“Now I know you’ve had a rough time lately, and your brother, what’s he in now, ninth grade?” Wilkinson said. “I know he hasn’t been to school in a couple days, so you obviously have some problems at home. Or wherever you’re staying at the moment. And of course, that is your own private business. I don’t mean to probe.”
Silence for five minutes. No tears. Jamie grunted. Mr. Wilkinson just sat with his feet up on the table and watched. A dull, low moan eventually began to spurt from his chest like a dehumidifier. It didn’t sound like him. It didn’t sound like anything human.
Eventually, in that hot room, a two-week suspension was handed down from one sweaty palm to another. Nothing proven, nothing gained. Jamie walked home to the rambling motel in the cold and told his mother he stayed late after school for homework—a group project on native rights in the aftermath of World War II. She laughed in his face and asked him to change the dressing on her burn. Big yellow bubbles popped every time pressure was applied.
Jamie didn’t say anything to his father, sitting on the balcony of their motel room, smoking and dropping the ashes down onto the patio furniture below. The insurance company was still waiting for the arson judgment. Initial reports suggested an electrical fire. It was too cold for anyone to use the motel pool. The remains of a crow circled its clogged filter, the chlorine slowly dissolving its feathers down to the quick. One of the hotel staff kept trying to fish it out with a pole, cursing at the dead bird in Polish. The motel smelled like cheap champagne and old cigars. They called it the Dynasty. They were only there for two weeks before a city councilor’s girlfriend popped the waterbed in the room above theirs with her stiletto and the water shorted out the television.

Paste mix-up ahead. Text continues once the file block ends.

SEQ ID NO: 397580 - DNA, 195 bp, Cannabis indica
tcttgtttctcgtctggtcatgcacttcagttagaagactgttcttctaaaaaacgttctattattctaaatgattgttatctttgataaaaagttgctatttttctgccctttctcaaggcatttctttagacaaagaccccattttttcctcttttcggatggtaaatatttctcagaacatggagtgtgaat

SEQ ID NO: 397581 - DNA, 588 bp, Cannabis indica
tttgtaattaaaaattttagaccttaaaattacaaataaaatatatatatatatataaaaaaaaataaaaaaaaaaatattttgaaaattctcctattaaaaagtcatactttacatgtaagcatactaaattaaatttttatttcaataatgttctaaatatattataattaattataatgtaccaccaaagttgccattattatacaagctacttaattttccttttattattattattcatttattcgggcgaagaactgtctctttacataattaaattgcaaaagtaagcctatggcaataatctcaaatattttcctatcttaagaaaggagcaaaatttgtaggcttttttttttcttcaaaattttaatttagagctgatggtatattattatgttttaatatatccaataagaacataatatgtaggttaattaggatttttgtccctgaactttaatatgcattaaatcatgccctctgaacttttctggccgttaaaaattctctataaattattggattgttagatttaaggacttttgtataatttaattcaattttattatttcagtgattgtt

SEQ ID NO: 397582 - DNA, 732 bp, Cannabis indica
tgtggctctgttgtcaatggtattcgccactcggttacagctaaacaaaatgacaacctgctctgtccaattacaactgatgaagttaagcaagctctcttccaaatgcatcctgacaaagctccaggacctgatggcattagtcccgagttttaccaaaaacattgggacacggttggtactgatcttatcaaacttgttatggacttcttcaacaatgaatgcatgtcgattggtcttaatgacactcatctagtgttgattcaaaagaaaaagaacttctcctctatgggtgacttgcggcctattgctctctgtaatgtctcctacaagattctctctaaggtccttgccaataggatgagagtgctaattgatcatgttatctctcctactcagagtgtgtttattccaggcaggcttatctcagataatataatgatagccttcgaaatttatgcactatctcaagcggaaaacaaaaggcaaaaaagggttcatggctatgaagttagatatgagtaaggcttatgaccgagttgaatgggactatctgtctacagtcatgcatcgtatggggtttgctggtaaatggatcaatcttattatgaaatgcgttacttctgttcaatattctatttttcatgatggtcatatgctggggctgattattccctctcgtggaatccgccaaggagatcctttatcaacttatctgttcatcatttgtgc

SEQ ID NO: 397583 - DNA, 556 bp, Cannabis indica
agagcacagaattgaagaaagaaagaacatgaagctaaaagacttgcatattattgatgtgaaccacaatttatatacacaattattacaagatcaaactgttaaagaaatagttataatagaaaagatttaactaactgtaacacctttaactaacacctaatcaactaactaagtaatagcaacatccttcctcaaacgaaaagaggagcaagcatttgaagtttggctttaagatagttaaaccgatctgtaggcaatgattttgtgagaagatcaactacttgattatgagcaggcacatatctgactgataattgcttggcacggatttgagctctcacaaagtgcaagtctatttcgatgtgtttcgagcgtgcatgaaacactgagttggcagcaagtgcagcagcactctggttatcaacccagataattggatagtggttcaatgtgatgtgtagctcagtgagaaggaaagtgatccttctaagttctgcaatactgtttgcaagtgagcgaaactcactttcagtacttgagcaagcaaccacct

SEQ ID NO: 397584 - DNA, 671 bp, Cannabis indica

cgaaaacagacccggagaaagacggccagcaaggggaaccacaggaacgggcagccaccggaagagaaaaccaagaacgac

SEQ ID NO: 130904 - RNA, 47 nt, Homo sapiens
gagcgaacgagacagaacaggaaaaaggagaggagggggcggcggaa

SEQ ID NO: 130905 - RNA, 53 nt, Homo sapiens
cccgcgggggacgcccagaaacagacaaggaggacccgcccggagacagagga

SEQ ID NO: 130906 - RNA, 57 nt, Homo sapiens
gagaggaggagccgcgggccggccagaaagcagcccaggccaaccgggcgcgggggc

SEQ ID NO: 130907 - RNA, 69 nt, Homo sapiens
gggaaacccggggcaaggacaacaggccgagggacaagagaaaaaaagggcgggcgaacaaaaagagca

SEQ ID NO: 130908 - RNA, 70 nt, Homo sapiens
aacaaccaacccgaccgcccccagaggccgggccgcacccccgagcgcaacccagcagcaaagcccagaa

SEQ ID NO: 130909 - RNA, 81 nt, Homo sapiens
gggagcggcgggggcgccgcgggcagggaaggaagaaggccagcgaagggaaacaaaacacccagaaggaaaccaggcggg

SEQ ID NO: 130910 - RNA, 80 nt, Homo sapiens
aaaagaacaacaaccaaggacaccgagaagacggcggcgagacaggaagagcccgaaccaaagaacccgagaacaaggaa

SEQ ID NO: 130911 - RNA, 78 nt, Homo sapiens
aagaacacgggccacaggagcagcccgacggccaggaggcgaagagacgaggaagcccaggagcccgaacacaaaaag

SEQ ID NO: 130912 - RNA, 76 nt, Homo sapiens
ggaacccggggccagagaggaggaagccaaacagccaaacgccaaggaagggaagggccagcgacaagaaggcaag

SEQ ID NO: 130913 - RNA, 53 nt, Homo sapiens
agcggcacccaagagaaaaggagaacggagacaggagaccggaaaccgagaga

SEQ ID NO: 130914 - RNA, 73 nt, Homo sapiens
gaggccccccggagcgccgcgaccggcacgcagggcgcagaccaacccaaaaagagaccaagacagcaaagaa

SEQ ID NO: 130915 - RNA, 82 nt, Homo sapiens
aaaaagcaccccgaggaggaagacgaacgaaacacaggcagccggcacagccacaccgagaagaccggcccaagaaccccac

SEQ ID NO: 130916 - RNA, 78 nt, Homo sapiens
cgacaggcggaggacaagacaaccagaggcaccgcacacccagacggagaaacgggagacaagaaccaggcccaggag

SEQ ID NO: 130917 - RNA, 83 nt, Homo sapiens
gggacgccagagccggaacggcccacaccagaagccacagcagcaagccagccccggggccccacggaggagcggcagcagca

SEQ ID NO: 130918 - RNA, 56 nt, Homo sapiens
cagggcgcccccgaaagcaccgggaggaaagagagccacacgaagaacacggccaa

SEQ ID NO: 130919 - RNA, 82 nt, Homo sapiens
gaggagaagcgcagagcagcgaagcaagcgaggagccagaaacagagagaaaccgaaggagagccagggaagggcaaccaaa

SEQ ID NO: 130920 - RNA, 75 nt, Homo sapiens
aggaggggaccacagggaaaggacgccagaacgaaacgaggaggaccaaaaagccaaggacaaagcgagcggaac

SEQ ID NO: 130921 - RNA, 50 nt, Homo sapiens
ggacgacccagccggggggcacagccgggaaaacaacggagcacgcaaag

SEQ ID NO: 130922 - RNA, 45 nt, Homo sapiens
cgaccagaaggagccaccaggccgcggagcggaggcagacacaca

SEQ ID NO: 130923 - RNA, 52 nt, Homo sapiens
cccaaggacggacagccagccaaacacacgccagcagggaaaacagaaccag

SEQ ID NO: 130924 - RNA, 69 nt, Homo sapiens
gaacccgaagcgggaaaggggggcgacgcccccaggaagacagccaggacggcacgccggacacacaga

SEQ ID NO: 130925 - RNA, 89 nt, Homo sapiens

Jamie spent those two weeks walking around town, carving his initials into fence posts and doorframes. He walked past the pawnshops on the downtown strip lined up like children’s blocks. Sharkee’s Pawn Palace. Jameson Pawn and Loan. The Loan Arranger. Each one packed with festering potential. Someone who thought they’d get married. Someone who thought they’d play guitar. Each dream propped up in the window. Jamie started spending each morning watching crumpled people trickle into the pawnshops, handing over the old dreams they’d decided to surrender, the ones gathering dust like diplomas dangling from bathroom walls. Sometimes he thought to buy them a cup of coffee, but he had no money—only the change he found in the candy machines at the arenas.